Feb. 22, 1957 – Ngô Đình Diệm of South Vietnam survived a communist shooting assassination attempt in Buôn Ma Thuột.
Feb. 22-25, 1961 – The Class A District I Basketball Tournament was held at T.R. Miller High School in Brewton, Ala. Sixteen teams participated in the tourney, including Castleberry, Chatom, Coffeeville, Excel, Fairhope, Lyeffion, Miller, Monroeville, Repton and Silas.
Feb. 22, 1962 – “A Gift of Time,” a dramatic version of Alabama author Lael Tucker Wertenbaker's book “Death of a Man,” opened on Broadway.
Feb. 22, 1965 - General William Westmoreland, commander of Military Assistance Command Vietnam, cabled Washington, D.C., to request that two battalions of U.S. Marines be sent to protect the U.S. airbase at Da Nang. Ambassador Maxwell Taylor, aware of Westmoreland’s plan, disagreed and cabled President Lyndon B. Johnson from Saigon to warn that such a step would encourage South Vietnam to “shuck off greater responsibilities.” The Joint Chiefs of Staff, however, supported Westmoreland’s request and on Feb. 26, White House officials cabled Taylor and Westmoreland that the troops would be sent, and that Taylor should “Secure GVN [Government of South Vietnam] approval.” General Westmoreland later insisted that he did not regard his request as “the first step in a growing American commitment,” but by 1969 there were over 540,000 American troops in South Vietnam
Feb. 22, 1967 – The Conecuh County Training School played the Mobile County Training School in Bay Minette, Ala. with the winner to advance to the state basketball tournament.
Feb. 22, 1967 - Operation Junction City was launched to ease pressure on Saigon. It was an effort to smash the Viet Cong’s stronghold in Tay Ninh Province and surrounding areas along the Cambodian border northwest of Saigon. The purpose of the operation was to drive the Viet Cong away from populated areas and into the open, where superior American firepower could be more effectively used. In the largest operation of the war to date, four South Vietnamese and 22 U.S. battalions were involved–more than 25,000 troops. The first day’s operation was supported by 575 aircraft sorties, a record number for a single day in South Vietnam. The operation was marked by one of the largest airmobile assaults in history when 240 troop-carrying helicopters descended on the battlefield. There were 2,728 enemy casualties by the end of the operation on March 17.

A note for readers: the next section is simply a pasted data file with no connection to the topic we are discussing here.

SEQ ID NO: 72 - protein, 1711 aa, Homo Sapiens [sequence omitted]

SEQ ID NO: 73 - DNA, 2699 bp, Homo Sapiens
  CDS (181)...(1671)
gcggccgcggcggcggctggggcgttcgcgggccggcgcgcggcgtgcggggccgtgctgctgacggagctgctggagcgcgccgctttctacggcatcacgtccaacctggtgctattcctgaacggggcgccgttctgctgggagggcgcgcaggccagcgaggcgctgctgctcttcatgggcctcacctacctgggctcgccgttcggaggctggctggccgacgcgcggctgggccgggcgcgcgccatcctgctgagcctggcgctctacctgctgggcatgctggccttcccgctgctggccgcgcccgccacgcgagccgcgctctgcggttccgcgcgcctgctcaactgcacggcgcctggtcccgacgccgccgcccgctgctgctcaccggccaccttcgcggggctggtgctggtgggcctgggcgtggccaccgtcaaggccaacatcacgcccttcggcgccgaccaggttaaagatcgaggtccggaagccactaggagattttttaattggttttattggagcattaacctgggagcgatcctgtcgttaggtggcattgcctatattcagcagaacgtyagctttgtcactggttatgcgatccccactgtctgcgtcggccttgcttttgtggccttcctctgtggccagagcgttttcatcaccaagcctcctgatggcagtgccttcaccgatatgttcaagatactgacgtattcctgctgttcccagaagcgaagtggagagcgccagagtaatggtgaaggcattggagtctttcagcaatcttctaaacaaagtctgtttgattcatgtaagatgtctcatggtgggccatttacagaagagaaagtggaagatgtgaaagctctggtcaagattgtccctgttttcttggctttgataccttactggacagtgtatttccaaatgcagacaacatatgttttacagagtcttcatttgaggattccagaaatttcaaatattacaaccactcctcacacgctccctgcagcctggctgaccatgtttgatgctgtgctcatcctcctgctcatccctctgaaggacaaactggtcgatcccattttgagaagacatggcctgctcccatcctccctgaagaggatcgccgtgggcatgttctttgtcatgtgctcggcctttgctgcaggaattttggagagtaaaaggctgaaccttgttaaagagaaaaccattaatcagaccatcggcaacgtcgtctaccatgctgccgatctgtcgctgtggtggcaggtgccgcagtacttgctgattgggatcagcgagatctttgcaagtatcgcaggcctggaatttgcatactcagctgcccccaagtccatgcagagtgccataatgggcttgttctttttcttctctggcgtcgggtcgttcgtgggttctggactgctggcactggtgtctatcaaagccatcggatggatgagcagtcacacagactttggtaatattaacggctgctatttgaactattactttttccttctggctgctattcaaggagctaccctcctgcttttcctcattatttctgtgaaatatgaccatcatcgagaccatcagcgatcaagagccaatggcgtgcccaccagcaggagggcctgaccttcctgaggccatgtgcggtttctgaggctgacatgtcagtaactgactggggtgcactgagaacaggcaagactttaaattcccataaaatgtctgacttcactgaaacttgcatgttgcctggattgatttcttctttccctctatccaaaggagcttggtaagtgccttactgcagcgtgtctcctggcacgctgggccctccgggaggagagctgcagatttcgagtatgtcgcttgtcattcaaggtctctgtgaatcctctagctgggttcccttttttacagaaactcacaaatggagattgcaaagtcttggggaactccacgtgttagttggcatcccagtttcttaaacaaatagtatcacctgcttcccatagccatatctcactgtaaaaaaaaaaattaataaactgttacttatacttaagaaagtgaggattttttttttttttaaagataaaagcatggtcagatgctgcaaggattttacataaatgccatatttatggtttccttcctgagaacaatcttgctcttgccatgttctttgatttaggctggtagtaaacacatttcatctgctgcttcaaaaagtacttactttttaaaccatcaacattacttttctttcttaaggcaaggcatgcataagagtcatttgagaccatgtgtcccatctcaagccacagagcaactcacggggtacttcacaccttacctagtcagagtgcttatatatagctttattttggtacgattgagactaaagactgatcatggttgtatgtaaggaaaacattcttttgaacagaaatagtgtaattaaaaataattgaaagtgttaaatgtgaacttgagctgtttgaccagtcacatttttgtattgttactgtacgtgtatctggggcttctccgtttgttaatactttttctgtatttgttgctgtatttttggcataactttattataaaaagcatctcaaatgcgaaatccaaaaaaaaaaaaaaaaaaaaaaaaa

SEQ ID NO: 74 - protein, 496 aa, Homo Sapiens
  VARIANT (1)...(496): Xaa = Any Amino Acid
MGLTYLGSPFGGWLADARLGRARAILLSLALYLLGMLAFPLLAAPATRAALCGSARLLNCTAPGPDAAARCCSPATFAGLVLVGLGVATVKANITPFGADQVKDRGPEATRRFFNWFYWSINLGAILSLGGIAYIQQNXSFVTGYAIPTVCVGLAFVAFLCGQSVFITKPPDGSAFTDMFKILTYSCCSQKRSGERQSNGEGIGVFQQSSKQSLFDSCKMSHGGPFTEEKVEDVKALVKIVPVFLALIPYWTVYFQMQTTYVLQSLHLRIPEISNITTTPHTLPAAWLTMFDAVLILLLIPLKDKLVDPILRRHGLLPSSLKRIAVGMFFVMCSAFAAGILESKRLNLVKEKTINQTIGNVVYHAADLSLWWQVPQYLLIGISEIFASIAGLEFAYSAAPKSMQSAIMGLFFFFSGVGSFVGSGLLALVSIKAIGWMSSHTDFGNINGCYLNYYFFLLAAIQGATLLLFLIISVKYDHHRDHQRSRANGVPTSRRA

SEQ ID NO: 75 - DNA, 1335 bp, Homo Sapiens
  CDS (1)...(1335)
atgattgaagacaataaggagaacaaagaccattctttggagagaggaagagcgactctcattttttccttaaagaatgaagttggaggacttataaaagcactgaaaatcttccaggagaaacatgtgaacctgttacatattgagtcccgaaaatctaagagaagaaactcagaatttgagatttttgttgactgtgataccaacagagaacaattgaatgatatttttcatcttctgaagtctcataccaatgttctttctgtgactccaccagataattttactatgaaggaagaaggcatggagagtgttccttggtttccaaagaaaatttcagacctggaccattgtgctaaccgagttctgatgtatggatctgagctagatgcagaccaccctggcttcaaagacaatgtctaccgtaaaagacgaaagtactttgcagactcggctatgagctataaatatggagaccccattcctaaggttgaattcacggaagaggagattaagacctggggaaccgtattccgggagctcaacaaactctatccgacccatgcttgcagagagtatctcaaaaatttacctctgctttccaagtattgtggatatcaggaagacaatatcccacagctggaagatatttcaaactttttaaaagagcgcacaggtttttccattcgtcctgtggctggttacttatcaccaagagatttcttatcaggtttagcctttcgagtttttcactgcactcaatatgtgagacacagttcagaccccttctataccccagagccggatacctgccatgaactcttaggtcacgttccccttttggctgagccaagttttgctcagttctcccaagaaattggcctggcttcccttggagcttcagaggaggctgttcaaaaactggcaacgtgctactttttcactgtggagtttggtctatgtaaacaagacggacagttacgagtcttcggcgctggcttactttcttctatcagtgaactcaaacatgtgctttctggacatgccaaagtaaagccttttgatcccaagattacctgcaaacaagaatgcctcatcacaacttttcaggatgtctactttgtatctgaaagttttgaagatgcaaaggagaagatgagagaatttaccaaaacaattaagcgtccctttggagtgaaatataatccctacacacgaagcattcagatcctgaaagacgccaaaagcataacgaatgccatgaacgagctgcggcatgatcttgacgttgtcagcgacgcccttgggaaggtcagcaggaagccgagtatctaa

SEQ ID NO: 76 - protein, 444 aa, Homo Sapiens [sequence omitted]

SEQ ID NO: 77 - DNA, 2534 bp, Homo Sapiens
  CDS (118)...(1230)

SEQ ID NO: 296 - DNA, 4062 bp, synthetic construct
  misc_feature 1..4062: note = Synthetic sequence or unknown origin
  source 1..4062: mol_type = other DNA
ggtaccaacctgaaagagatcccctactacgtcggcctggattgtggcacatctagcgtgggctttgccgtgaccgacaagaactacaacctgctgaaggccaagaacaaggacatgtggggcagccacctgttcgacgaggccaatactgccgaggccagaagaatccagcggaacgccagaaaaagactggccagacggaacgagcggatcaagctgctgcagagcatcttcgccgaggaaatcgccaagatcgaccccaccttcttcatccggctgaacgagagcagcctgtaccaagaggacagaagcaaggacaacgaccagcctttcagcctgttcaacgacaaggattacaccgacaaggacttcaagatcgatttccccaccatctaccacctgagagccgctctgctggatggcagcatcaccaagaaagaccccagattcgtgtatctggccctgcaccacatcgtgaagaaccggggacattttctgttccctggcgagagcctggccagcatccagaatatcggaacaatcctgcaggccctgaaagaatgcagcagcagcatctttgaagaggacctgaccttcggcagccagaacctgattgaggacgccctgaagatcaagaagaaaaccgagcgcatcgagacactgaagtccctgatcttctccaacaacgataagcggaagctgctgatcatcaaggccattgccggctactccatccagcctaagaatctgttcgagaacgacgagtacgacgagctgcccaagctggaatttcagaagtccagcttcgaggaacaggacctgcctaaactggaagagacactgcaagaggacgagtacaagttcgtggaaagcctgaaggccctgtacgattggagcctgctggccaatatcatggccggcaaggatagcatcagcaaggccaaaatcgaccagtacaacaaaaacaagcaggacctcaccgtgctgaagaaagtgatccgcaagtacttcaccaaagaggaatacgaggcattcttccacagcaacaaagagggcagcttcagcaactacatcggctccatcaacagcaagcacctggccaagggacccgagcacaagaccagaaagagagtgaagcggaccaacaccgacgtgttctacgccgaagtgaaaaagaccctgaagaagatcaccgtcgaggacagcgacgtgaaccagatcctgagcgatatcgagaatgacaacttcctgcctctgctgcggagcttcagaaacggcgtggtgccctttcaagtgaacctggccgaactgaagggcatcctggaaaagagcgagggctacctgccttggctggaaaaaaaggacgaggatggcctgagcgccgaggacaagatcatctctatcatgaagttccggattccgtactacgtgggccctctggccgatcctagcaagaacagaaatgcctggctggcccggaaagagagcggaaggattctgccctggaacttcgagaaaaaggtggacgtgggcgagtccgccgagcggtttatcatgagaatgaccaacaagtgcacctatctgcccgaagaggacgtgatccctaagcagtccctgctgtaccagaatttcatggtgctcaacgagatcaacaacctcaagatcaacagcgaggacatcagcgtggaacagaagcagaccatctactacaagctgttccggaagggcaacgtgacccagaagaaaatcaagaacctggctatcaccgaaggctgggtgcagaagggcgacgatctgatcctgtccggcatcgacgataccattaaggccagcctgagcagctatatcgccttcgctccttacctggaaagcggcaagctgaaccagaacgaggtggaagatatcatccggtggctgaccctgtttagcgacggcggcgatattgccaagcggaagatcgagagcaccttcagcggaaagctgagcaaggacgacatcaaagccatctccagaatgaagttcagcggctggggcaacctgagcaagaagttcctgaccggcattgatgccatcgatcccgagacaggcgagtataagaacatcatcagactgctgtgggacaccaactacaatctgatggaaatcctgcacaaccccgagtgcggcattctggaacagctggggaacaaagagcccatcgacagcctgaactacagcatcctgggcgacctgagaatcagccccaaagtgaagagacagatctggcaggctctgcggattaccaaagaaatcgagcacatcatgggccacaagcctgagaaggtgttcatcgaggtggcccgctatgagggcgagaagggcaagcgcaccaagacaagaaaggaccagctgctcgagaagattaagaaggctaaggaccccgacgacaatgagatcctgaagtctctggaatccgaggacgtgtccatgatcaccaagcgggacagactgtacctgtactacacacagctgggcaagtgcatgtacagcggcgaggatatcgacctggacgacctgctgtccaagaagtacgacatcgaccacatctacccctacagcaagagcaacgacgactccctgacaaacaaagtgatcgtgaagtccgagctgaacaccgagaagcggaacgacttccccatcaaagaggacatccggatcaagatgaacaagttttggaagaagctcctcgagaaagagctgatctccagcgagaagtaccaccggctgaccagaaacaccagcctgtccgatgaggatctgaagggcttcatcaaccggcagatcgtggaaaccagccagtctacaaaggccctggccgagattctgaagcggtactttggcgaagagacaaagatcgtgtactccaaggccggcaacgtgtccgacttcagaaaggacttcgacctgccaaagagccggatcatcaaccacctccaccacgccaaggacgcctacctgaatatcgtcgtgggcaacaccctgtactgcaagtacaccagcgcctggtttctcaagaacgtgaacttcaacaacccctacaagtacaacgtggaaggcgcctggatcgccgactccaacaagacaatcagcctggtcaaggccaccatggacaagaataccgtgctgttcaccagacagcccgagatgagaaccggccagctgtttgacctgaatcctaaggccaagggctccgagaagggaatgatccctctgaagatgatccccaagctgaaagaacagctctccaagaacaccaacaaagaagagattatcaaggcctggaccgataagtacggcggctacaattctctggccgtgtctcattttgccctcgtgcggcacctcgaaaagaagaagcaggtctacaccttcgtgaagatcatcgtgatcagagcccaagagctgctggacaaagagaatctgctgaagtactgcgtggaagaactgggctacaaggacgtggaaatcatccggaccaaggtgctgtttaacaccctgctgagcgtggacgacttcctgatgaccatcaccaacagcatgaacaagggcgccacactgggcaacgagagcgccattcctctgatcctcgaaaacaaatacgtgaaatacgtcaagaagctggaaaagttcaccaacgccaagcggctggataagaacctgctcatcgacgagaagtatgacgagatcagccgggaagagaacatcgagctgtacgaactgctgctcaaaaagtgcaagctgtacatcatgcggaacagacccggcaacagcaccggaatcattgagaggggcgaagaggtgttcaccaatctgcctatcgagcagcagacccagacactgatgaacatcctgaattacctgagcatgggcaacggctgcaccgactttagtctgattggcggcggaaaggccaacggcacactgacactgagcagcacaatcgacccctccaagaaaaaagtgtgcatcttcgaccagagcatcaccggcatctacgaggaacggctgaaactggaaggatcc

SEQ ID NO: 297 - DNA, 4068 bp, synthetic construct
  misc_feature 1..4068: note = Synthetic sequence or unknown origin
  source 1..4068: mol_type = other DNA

Feb. 22, 1968 - The American war effort in Vietnam was hit hard by the North Vietnamese Tet Offensive, which ended on this day in 1968. Claims by President Lyndon Johnson that the offensive was a complete failure were misleading. Though the North Vietnamese death toll was 20 times that of its enemies, strongholds previously thought impenetrable had been shaken. The prospect of increasing American forces added substantial strength to the anti-war movement and led to Johnson’s announcement that he would not seek re-election.
Feb. 22, 1973 – Evergreen High School’s boys basketball team, led by head coach Charles Branum, beat Monroeville, 60-44, in the 3A Region 1, Area 2 tournament.
Feb. 22, 1975 – Evergreen, Alabama’s new “Avenue of Flags” was to be seen for the first time on this Saturday, when the flags were to fly to honor the birthday of the nation’s first president, George Washington. The project was led by the Pilot Club which set a goal of 50 flags to fly in the park area between West Front Street and the L&N Railroad in downtown Evergreen. Actually, a total of 72 flags, costing $25 each, were donated.
Feb. 22, 1987 – Vickie Lynn Pittman of East Brewton, Ala. was murdered. Her body was discovered near Brooklyn, Ala. in March 1987 and she was buried in the Elim Cemetery in Escambia County.
Feb. 22, 1995 - The NFL and CBS Radio agreed to a new four-year contract for an annual 53-game package of games.
Feb. 22, 2006 – Iraqi journalist Atwar Bahjat was murdered at the age of 29 in Samarra.
Feb. 22, 2010 - A copy of "Action Comics #1," which featured the first appearance of Superman, sold at auction for $1 million.